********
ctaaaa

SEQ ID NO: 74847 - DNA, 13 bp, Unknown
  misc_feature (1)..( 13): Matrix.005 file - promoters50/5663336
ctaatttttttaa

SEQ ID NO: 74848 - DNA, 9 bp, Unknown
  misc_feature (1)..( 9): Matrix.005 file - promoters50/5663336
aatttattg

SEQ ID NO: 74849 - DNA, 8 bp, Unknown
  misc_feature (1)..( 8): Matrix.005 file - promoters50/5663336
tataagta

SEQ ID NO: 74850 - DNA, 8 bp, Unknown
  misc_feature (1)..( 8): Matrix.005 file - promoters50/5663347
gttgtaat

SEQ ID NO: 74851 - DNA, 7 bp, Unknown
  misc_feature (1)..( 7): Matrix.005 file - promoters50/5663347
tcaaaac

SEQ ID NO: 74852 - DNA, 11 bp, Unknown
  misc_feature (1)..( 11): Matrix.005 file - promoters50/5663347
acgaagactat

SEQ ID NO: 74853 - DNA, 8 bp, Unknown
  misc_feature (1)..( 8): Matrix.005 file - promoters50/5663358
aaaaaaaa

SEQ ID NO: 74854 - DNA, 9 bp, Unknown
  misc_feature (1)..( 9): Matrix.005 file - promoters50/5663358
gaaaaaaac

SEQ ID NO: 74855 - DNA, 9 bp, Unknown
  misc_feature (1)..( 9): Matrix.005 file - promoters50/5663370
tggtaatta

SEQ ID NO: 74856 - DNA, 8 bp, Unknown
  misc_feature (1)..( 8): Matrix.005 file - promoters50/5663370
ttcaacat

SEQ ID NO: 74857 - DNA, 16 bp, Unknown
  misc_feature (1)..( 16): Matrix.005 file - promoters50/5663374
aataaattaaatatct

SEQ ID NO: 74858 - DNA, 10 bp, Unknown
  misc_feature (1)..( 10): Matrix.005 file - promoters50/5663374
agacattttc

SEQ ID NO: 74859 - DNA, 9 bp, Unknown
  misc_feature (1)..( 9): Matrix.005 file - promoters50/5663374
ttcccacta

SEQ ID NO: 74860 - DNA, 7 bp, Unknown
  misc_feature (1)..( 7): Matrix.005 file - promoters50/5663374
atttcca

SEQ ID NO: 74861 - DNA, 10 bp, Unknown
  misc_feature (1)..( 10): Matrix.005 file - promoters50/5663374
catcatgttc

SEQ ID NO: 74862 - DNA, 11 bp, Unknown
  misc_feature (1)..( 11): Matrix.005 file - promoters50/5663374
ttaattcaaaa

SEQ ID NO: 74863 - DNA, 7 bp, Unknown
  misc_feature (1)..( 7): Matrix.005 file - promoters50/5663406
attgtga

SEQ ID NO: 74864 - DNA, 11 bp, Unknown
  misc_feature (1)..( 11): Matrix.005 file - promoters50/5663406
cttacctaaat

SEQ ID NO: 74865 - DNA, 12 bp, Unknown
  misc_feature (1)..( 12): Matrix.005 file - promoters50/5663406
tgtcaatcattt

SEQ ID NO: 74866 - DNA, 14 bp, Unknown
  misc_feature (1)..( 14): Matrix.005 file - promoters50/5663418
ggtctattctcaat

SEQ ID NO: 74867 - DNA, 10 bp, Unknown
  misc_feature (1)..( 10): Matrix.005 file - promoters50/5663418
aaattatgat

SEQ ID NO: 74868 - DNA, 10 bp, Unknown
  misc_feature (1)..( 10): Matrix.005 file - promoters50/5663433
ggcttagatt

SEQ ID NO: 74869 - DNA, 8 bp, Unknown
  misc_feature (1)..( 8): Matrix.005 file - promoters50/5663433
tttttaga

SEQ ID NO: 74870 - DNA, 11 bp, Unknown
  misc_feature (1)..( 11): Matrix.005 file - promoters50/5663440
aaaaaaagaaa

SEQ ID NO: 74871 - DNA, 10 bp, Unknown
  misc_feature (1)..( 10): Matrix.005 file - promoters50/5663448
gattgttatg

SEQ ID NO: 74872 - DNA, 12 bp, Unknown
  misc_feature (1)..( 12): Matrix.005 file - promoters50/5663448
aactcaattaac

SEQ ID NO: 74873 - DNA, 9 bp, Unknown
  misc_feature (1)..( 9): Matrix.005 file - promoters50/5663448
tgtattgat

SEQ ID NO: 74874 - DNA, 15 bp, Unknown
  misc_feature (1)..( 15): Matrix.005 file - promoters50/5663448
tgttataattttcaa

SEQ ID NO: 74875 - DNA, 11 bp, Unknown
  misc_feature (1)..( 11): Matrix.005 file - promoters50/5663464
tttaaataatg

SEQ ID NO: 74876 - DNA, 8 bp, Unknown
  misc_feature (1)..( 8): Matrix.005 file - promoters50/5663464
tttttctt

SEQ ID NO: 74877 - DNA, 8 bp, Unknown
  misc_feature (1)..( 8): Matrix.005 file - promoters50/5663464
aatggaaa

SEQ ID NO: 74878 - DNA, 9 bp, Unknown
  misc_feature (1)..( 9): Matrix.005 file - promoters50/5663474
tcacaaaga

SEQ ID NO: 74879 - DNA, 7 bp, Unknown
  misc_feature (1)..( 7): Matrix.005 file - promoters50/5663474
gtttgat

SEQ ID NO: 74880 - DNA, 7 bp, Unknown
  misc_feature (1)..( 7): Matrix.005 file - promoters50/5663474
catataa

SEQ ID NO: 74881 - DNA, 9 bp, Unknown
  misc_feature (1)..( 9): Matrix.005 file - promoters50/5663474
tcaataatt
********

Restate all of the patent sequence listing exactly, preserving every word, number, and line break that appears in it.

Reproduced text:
ctaaaa

SEQ ID NO: 74847 - DNA, 13 bp, Unknown
  misc_feature (1)..( 13): Matrix.005 file - promoters50/5663336
ctaatttttttaa

SEQ ID NO: 74848 - DNA, 9 bp, Unknown
  misc_feature (1)..( 9): Matrix.005 file - promoters50/5663336
aatttattg

SEQ ID NO: 74849 - DNA, 8 bp, Unknown
  misc_feature (1)..( 8): Matrix.005 file - promoters50/5663336
tataagta

SEQ ID NO: 74850 - DNA, 8 bp, Unknown
  misc_feature (1)..( 8): Matrix.005 file - promoters50/5663347
gttgtaat

SEQ ID NO: 74851 - DNA, 7 bp, Unknown
  misc_feature (1)..( 7): Matrix.005 file - promoters50/5663347
tcaaaac

SEQ ID NO: 74852 - DNA, 11 bp, Unknown
  misc_feature (1)..( 11): Matrix.005 file - promoters50/5663347
acgaagactat

SEQ ID NO: 74853 - DNA, 8 bp, Unknown
  misc_feature (1)..( 8): Matrix.005 file - promoters50/5663358
aaaaaaaa

SEQ ID NO: 74854 - DNA, 9 bp, Unknown
  misc_feature (1)..( 9): Matrix.005 file - promoters50/5663358
gaaaaaaac

SEQ ID NO: 74855 - DNA, 9 bp, Unknown
  misc_feature (1)..( 9): Matrix.005 file - promoters50/5663370
tggtaatta

SEQ ID NO: 74856 - DNA, 8 bp, Unknown
  misc_feature (1)..( 8): Matrix.005 file - promoters50/5663370
ttcaacat

SEQ ID NO: 74857 - DNA, 16 bp, Unknown
  misc_feature (1)..( 16): Matrix.005 file - promoters50/5663374
aataaattaaatatct

SEQ ID NO: 74858 - DNA, 10 bp, Unknown
  misc_feature (1)..( 10): Matrix.005 file - promoters50/5663374
agacattttc

SEQ ID NO: 74859 - DNA, 9 bp, Unknown
  misc_feature (1)..( 9): Matrix.005 file - promoters50/5663374
ttcccacta

SEQ ID NO: 74860 - DNA, 7 bp, Unknown
  misc_feature (1)..( 7): Matrix.005 file - promoters50/5663374
atttcca

SEQ ID NO: 74861 - DNA, 10 bp, Unknown
  misc_feature (1)..( 10): Matrix.005 file - promoters50/5663374
catcatgttc

SEQ ID NO: 74862 - DNA, 11 bp, Unknown
  misc_feature (1)..( 11): Matrix.005 file - promoters50/5663374
ttaattcaaaa

SEQ ID NO: 74863 - DNA, 7 bp, Unknown
  misc_feature (1)..( 7): Matrix.005 file - promoters50/5663406
attgtga

SEQ ID NO: 74864 - DNA, 11 bp, Unknown
  misc_feature (1)..( 11): Matrix.005 file - promoters50/5663406
cttacctaaat

SEQ ID NO: 74865 - DNA, 12 bp, Unknown
  misc_feature (1)..( 12): Matrix.005 file - promoters50/5663406
tgtcaatcattt

SEQ ID NO: 74866 - DNA, 14 bp, Unknown
  misc_feature (1)..( 14): Matrix.005 file - promoters50/5663418
ggtctattctcaat

SEQ ID NO: 74867 - DNA, 10 bp, Unknown
  misc_feature (1)..( 10): Matrix.005 file - promoters50/5663418
aaattatgat

SEQ ID NO: 74868 - DNA, 10 bp, Unknown
  misc_feature (1)..( 10): Matrix.005 file - promoters50/5663433
ggcttagatt

SEQ ID NO: 74869 - DNA, 8 bp, Unknown
  misc_feature (1)..( 8): Matrix.005 file - promoters50/5663433
tttttaga

SEQ ID NO: 74870 - DNA, 11 bp, Unknown
  misc_feature (1)..( 11): Matrix.005 file - promoters50/5663440
aaaaaaagaaa

SEQ ID NO: 74871 - DNA, 10 bp, Unknown
  misc_feature (1)..( 10): Matrix.005 file - promoters50/5663448
gattgttatg

SEQ ID NO: 74872 - DNA, 12 bp, Unknown
  misc_feature (1)..( 12): Matrix.005 file - promoters50/5663448
aactcaattaac

SEQ ID NO: 74873 - DNA, 9 bp, Unknown
  misc_feature (1)..( 9): Matrix.005 file - promoters50/5663448
tgtattgat

SEQ ID NO: 74874 - DNA, 15 bp, Unknown
  misc_feature (1)..( 15): Matrix.005 file - promoters50/5663448
tgttataattttcaa

SEQ ID NO: 74875 - DNA, 11 bp, Unknown
  misc_feature (1)..( 11): Matrix.005 file - promoters50/5663464
tttaaataatg

SEQ ID NO: 74876 - DNA, 8 bp, Unknown
  misc_feature (1)..( 8): Matrix.005 file - promoters50/5663464
tttttctt

SEQ ID NO: 74877 - DNA, 8 bp, Unknown
  misc_feature (1)..( 8): Matrix.005 file - promoters50/5663464
aatggaaa

SEQ ID NO: 74878 - DNA, 9 bp, Unknown
  misc_feature (1)..( 9): Matrix.005 file - promoters50/5663474
tcacaaaga

SEQ ID NO: 74879 - DNA, 7 bp, Unknown
  misc_feature (1)..( 7): Matrix.005 file - promoters50/5663474
gtttgat

SEQ ID NO: 74880 - DNA, 7 bp, Unknown
  misc_feature (1)..( 7): Matrix.005 file - promoters50/5663474
catataa

SEQ ID NO: 74881 - DNA, 9 bp, Unknown
  misc_feature (1)..( 9): Matrix.005 file - promoters50/5663474
tcaataatt